The Chaos of Stars

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The Chaos of Stars by Kiersten White

Synopsis: Isadora’s family is seriously screwed up—which comes with the territory when you’re the human daughter of the ancient Egyptian gods Isis and Osiris. Isadora is tired of living with crazy relatives who think she’s only worthy of a passing glance—so when she gets the chance to move to California with her brother, she jumps on it. But her new life comes with plenty of its own dramatic—and dangerous—complications . . . and Isadora quickly learns there’s no such thing as a clean break from family.

Why I Picked It Up: Again with the cover. I have a serious problem with checking out books from the library solely based on their covers.

What I Liked…and Didn’t Like: When I started this book I was annoyed by Isadora. She complained to no end, thought violent thoughts towards her pregnant mother, and was altogether suicidal. You know, because she didn’t want to die.

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Also, can we talk about her relationship with her mother? I understand that Isadora wouldn’t “listen”, but seriously, her mother is completely lacking in the parenting department for someone who has so many kids. Letting your daughter believe that you want/don’t care about her dying is ridiculous. However, the story takes a turn. Right around the part when Isadora finds out a certain someone’s name is a nickname for something significant, I stared falling in love with the book.

Ry was definitely my favorite character. He saved this book from becoming a DNF, mostly with the mystery that surrounded him. Also, he had some extremely poetic quotes. But Isadora, honey, you can stop talking about his eyes.

The plot was so simple. Basically she complains that her family stinks until she finds out her mom is pregnant and goes back to complaining that her family stinks until she goes to California to see her brother where she finds out he got married without telling her and she goes back to complaining that her family stinks…it goes on like that for a while. The best part of the plot was probably the last few chapters or so.

I really liked how each chapter started with an Egyptian mythology story. It was interesting to read, and I’ve always thought that old mythology was fun to read. The writing style was a little too middle school-ish for my taste. It didn’t bother me too much, but it did take away from my reading experience.

There were some beautiful quotes that I adored, and here’s my favorite:

It’s all a matter of perspective. And maybe we thought we were living one story, when if we look at it a little different, we can reframe everything – all out memories and attributes and experiences – and see that we’re actually living a different story. ”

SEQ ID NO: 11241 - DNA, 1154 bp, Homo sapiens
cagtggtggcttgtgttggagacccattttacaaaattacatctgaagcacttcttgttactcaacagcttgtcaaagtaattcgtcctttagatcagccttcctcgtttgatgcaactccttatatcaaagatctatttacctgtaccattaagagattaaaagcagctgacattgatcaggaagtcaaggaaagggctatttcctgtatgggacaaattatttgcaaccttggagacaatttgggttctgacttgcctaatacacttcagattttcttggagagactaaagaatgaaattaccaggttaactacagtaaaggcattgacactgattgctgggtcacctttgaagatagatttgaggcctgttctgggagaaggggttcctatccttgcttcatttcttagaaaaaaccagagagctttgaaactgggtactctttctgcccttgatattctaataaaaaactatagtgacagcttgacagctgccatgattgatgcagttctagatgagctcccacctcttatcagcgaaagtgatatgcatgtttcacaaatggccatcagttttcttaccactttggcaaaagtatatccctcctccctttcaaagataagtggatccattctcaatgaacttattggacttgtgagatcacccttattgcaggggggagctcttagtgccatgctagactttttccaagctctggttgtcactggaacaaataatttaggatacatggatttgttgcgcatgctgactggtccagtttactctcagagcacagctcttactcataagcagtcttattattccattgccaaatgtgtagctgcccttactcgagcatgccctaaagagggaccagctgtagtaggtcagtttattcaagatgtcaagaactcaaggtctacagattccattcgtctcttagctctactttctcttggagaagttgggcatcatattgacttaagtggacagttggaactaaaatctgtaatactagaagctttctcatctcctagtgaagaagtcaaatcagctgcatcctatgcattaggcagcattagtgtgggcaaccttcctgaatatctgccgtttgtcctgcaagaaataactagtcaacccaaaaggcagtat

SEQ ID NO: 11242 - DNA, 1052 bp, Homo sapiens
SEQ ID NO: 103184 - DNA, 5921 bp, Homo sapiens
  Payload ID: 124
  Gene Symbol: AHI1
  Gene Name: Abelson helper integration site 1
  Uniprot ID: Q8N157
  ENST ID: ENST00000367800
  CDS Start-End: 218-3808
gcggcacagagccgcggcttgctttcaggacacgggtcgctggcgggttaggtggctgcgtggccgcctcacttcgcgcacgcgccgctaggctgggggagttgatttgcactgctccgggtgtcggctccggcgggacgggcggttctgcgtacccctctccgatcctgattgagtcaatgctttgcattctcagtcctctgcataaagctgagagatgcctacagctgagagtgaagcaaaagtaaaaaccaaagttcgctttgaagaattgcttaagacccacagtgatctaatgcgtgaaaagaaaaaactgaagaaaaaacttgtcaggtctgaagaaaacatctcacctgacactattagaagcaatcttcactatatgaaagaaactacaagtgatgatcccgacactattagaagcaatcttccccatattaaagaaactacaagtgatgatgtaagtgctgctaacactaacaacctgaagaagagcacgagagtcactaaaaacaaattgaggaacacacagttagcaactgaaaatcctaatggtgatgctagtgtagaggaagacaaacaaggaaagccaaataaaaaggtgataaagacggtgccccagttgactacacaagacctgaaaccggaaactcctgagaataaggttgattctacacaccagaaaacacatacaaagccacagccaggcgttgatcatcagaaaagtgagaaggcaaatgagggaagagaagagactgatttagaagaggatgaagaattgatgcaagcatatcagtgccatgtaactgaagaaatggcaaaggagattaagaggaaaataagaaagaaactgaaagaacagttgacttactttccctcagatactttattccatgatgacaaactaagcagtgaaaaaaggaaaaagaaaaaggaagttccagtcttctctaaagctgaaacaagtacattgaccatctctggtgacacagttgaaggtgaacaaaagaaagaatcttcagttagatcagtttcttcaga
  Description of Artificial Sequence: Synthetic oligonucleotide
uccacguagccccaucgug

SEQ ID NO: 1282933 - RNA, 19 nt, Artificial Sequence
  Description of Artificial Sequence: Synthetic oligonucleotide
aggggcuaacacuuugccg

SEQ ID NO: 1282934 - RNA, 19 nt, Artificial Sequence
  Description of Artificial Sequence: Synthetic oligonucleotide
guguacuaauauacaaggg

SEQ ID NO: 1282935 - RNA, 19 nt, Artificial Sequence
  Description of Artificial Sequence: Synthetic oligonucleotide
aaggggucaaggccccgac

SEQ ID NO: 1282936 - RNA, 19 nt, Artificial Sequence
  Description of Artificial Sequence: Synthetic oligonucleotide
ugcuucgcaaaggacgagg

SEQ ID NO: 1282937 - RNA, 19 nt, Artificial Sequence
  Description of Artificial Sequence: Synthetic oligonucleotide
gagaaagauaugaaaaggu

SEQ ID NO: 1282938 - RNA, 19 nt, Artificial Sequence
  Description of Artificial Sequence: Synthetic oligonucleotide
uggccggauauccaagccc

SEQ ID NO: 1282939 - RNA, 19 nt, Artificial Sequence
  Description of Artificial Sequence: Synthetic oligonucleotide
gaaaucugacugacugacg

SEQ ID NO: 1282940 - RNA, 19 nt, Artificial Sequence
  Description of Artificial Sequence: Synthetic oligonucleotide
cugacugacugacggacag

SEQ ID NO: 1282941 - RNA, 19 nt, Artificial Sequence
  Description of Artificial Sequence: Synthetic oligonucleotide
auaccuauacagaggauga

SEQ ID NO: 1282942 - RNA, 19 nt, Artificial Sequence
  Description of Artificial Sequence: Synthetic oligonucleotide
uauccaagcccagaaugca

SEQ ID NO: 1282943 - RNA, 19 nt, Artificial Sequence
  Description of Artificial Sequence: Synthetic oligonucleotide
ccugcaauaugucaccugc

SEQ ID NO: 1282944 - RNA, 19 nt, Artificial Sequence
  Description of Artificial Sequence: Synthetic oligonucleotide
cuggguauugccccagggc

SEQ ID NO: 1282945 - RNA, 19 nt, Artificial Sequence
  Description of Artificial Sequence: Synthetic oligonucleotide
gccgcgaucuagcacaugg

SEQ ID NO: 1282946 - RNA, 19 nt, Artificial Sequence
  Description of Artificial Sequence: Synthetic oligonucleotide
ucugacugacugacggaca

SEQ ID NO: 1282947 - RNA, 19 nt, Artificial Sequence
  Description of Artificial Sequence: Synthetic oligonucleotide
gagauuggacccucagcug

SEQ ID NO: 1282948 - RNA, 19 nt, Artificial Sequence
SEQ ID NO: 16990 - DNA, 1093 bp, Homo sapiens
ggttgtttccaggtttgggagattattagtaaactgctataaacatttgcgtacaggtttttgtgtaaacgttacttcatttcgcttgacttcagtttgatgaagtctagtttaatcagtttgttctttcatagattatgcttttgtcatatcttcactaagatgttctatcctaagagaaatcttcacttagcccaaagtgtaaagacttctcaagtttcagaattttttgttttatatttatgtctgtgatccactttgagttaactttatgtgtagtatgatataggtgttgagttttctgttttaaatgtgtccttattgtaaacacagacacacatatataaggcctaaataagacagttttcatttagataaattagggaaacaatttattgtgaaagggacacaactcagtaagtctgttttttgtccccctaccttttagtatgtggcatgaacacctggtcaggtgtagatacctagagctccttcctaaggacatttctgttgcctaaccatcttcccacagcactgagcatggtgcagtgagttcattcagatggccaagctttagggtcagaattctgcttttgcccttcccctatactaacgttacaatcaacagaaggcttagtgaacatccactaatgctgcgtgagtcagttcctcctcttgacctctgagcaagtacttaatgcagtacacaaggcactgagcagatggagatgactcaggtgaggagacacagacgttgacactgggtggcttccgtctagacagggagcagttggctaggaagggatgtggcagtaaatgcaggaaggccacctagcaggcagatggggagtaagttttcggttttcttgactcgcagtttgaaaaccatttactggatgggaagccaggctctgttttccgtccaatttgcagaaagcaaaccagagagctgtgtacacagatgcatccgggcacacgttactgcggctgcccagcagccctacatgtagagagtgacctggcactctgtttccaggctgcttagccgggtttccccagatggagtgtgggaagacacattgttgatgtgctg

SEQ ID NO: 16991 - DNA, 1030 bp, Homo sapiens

It sums up the message of the book pretty well.

You Should Know: A quick thing to remember is the mythology in this book. If you don’t like that sort of thing, I wouldn’t read it. However, it didn’t bother me at all. Language didn’t really stand out to me, so it must not have been too bad. I think the worst is the s-word. There is kissing, and along with the Egyptian myths are mentions of sex and such.

Who I Would Recommend It To: Most middle schoolers who read a bit above their grade level. I think it’s a good summer reading book for kids who don’t read as often. Also, if you like mythology and YA, you’ll probably like this book.

Final Grade: B-

Basically, the beginning and middle are okay, but the end is amazing. The characters are okay, but can be a little tiresome at times. Not a book that I would shove at people, but maybe tell fans of mythology about.

If you like easy reads with deep messages behind them, or YA mythology, you’ll like The Chaos of Stars.

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4 thoughts on “The Chaos of Stars

  1. bittenanwritten says:

    My first thought about this book was how beautiful the cover was as well! In fact, I’m pretty sure that’s why it’s on my TBR haha! I think I’ll definitely reserve this book for a beach read from the sounds of it. Do you think the annoying character was intentional or she was just genuinely annoying to you? Sometimes I find I like when a main character annoys me and at other times I’m like ‘please tell me this character dies in the end’.

    • Rose Tyler says:

      The cover is absolutely gorgeous! Probably one of the best covers of 2013. It’s definitely easy to read in a day or so, when you are in between heavy books. Isadora wasn’t one of those characters where you can’t wait for something bad to happen to them. She really was only annoying to me in the beginning, because of how she acted towards her parents. She got better as the book progressed, she just got on my nerves a little in the first couple of chapters. Her insight is actually pretty humorous at times. To sum it up, I would recommend this book, since it had a nice message that was hidden by easy-to-read chapters.

  2. Brenna from Esther's Ever After says:

    I read this one recently as well, and I had pretty mixed feelings – I didn’t HATE it but I didn’t love it either. I found it to be fairly forgettable to be honest.

    Like you, I really liked Ry! I thought he was great, but unfortunately he didn’t have enough character development for me to love him. I guess it just didn’t really feel like anything that hadn’t already been done before?

    And yes, it really did feel very MG at times. But I can see how some (likely younger) readers would really enjoy it!

    • Rose Tyler says:

      Yes! That’s pretty much exactly how I feel.
      Ry definitely need some more development. I guess what I meant was that I liked the idea of him, and how he helped Isadora not be afraid of love.
      I agree that MGers will really like it.
      Thanks for tuning in!

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